Imágenes de páginas





Confifting of XXXI. POINTS;


Profitable APPLICATIONS, and

All concluded with so many Spiritual POE M 6.

What good might seamen get, if once they were
But heavenly minded? If they could but steer
The Christian's course, the foul might then enjoy
Sweet peace, they might like feas o'crflow with jaya
Weré God our all, how would our comforts double
Upon us! thus the seas of all our trouble
Would be divinely sweet : men sbould endeavour
To see God now, and be with bim for ever.

To all Masters, Mariners, and Seamen ; especially such as be

long to the Borough of Clifton, Dartmouth, and Hardness, in the county of Devon. SIRS, Find it storied of Anacharfis, that when one asked him


this answer, You must first tell me (faith he) in which num. « ber I must place feamen : Intimating thereby, that seamen are, as it were, a third sort of persons, to be pumbered neither with the living nor the dead; their lives hanging continually

1 in suspense before them. And it was anciently accounted the most desperate employment, and they little better than loft men that used the seas. Through all my life (faith Aristotle) three • things do especially repent me : 1. That ever I revealed a 6 secret to a woman.

That I remained one day without a will, 3. That ever I went to any place by sea, whither




[ocr errors]
[ocr errors]

I might have gone by land. Nothing (faith another) is more miserable, than to see a virtuous and worthy perfon

upon the sea.' And although custom, and the great improvement of the art of navigation, have made it less formidas ble now, yet are you no further from death than


are from the waters, which is but a remove of two or three inches. Now you that border so nigh upon the confines of death and eternity every moment, may be well supposed to be men of fingular piety and seriousness : For nothing more composes the heart to such a frame, than the lively apprehensions of eternity do; and none have greater external advantages for that, than you have. But, alas ! for the generality, what sort of men are more ungodly, and stupidly insensible of eternal concernments ? living,

? for the most part, as if they had made a covenant with death, and with hell were at agreement. It was an ancient saying, Qui nescit orare, discat navigare, He that knows not how to pray, let him go to sea. But we may fay now, (alas ! that we may fay so in times of greater light) he that would learn to be

profane, to drink and swear, and dishonour God, let him go to fen. As for prayer, it is a rare thing among seamen, they count that a needless business: they see the profane and vile delivered as well as others; and therefore, what profit is there if they pray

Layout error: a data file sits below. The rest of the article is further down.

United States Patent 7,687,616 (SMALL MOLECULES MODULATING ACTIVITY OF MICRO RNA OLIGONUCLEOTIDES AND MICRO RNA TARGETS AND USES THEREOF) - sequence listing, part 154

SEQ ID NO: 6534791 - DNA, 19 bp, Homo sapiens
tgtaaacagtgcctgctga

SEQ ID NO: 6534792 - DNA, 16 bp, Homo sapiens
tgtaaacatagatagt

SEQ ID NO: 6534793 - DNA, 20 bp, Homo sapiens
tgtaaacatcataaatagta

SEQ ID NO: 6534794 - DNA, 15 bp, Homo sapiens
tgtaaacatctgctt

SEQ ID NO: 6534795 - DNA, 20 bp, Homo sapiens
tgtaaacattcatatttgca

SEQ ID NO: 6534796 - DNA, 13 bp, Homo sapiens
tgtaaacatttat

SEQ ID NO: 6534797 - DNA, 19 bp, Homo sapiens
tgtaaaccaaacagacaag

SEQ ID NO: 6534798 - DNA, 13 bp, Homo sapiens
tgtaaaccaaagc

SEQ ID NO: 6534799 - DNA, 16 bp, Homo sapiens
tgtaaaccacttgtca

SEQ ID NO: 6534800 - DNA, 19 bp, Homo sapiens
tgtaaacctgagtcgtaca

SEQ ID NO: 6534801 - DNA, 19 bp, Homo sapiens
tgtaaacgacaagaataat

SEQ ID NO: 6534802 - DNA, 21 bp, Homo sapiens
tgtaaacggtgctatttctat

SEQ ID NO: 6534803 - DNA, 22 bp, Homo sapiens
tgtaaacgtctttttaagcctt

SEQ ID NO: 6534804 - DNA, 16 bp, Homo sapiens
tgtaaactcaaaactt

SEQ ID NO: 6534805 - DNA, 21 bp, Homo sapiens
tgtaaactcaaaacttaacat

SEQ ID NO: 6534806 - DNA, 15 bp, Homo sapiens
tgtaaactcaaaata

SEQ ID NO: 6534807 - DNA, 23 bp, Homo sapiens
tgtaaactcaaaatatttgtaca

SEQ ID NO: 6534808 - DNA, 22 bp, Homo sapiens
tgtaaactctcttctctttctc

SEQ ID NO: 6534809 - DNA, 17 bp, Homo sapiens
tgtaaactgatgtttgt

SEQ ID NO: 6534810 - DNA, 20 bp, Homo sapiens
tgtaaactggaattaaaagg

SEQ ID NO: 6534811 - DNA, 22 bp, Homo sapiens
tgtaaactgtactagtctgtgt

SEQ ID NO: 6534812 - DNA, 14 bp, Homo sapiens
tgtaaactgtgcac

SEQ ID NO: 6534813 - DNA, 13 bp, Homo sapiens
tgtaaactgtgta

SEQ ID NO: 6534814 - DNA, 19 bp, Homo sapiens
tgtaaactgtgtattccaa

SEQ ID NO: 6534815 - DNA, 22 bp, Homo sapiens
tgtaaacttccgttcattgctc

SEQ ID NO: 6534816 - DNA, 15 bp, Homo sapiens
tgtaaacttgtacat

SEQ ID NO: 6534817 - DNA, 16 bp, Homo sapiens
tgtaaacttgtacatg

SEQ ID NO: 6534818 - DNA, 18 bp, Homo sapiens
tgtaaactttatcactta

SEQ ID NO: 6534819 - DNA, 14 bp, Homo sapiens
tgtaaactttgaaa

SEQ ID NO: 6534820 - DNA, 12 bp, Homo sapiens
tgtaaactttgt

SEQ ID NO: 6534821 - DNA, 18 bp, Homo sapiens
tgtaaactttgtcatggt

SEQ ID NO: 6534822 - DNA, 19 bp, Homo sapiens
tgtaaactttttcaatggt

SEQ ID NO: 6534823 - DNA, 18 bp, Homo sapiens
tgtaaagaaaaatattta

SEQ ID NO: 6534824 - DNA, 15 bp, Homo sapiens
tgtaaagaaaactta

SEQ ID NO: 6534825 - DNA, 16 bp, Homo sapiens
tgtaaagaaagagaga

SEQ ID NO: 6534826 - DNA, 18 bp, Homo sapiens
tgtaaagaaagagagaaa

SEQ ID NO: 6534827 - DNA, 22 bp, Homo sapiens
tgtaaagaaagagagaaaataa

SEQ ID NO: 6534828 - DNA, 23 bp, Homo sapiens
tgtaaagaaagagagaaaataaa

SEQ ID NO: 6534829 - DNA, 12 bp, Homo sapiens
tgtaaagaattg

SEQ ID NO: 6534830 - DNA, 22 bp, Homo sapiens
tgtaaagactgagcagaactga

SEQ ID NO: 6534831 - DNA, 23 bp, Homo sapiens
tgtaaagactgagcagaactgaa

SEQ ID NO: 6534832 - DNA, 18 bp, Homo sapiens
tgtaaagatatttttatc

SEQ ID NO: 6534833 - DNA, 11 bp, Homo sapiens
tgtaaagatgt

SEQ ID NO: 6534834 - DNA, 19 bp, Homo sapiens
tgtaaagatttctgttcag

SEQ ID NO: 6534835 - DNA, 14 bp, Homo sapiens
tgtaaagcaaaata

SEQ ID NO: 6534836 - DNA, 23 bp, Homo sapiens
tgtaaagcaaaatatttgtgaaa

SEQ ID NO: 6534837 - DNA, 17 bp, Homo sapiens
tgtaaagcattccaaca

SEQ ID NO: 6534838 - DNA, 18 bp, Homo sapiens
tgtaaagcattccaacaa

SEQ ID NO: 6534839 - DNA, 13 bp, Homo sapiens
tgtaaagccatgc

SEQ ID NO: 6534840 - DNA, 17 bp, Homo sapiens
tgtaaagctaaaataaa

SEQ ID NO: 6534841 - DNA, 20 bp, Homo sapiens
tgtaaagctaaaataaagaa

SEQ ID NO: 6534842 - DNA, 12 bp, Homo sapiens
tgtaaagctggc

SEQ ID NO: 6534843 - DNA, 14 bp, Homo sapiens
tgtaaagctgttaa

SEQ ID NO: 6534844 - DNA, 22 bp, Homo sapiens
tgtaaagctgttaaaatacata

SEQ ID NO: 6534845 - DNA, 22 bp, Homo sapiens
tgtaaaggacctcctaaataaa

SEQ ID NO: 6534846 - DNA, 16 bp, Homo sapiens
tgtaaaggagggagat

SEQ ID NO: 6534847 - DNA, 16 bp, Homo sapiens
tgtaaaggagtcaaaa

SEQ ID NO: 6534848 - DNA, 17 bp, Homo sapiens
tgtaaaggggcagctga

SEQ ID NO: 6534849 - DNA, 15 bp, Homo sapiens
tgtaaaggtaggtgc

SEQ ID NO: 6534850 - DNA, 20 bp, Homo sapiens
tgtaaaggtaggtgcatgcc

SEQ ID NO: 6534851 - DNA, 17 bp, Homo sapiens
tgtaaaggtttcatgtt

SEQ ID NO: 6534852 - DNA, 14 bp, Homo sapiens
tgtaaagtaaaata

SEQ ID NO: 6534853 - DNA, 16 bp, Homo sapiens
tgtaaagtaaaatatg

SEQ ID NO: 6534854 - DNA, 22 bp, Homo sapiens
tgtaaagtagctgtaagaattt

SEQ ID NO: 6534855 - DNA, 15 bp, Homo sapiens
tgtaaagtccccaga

; unto him ? Mal, iii. 4. As I remember, I have read of a profane soldier, who was heard swearing, though he food in a place of great danger; and when one that stood by him warned him, faying, Fellow-soldier, do not swear, the bullets fly;' he anfwered, They that swear come off as well as they that pray.' Soon after a shot hit him, and down he fell. Plato diligently admonished all men to avoid the sea; For (saith he) it is the ! schoolmaster of all vice and dishonesty.' Sirs ! it is a very sad consideration to me, that you who float upon the great deeps, in whose bottom fo


miserable creatures lie, whose fins have funk them down, not only into the bottom of che sea, but of hell also, whither divine vengeance hath pursue ed them: That you, I say, who daily float, and hover over them, and have the roaring waves and billows that swallowed them

you as the next prey, should be no more affects ed with these things. Oh what a terrible voice doth God utter in the storms ! « It breaks the cedars, shakes the wilder“ ness, makes the hinds to calve," Psal. xxix. 5. And can it pot shake your hearts? This voice of the Lord is full of majesty, but his voice in the word is more efficacious and powerful, Heb. iv. 12. to convince and rip up the heart." This word is exalted above all his name, Plaim cxxxviii. 3. and if

many thousand

up, gaping for

it cannot awaken you, it is no wonder you remain secure and dead, when the Lord utters his voice in the moft dreadful forins and tempests. But if neither the voice of God uttered in his dreadful works, or in his glorious gospel, can effectualdy awaken and rouze, there is an Euroclydon, a fearful storm coming, which will so awaken your fouls, as that they shall never sleep any more, Plal. xi. 6. “Upon the wicked he shall « rain snares, fire and brimstone, and an horrible tempest: “ This is the portion of their cup." You that have been at fea in the most violent storms, never felt such a ftorm as this, and the Lord grant you never may; no calm Hall follow this form. There are some among you, that, I am persuaded, do truly fear that God in whose hand their life and breath is; men that fear an oath, and are an honour to their profeffion; who drive a trade for heaven, and are diligent to secure the happinefs

а of their immortal fouls, in the insurance-office above; but for the generality, alas ! they mind none of these things. How many of you are coasting to and fro, from one country to another? But never think of that heavenly country above, nor how you may get the merchandize thereof, which is better than the gold of Ophir. How oft do you tremble to see the foaming waves dance about you, and wash over you? Yet consider not how terrible it will be to have all the waves and billows of God's wrath to go over your souls, and that for ever. How glad are you after you have been long tossed upon the ocean, to descry land? And how yare and eagerly do you look out for it, who yet never trad your hearts warmed with the confideration of that joy which shall be among the saints, when they arrive at the heavenly Arand, and set foot upon the shore of glory O O Sirs! I beg of you, if you have any regard to those preci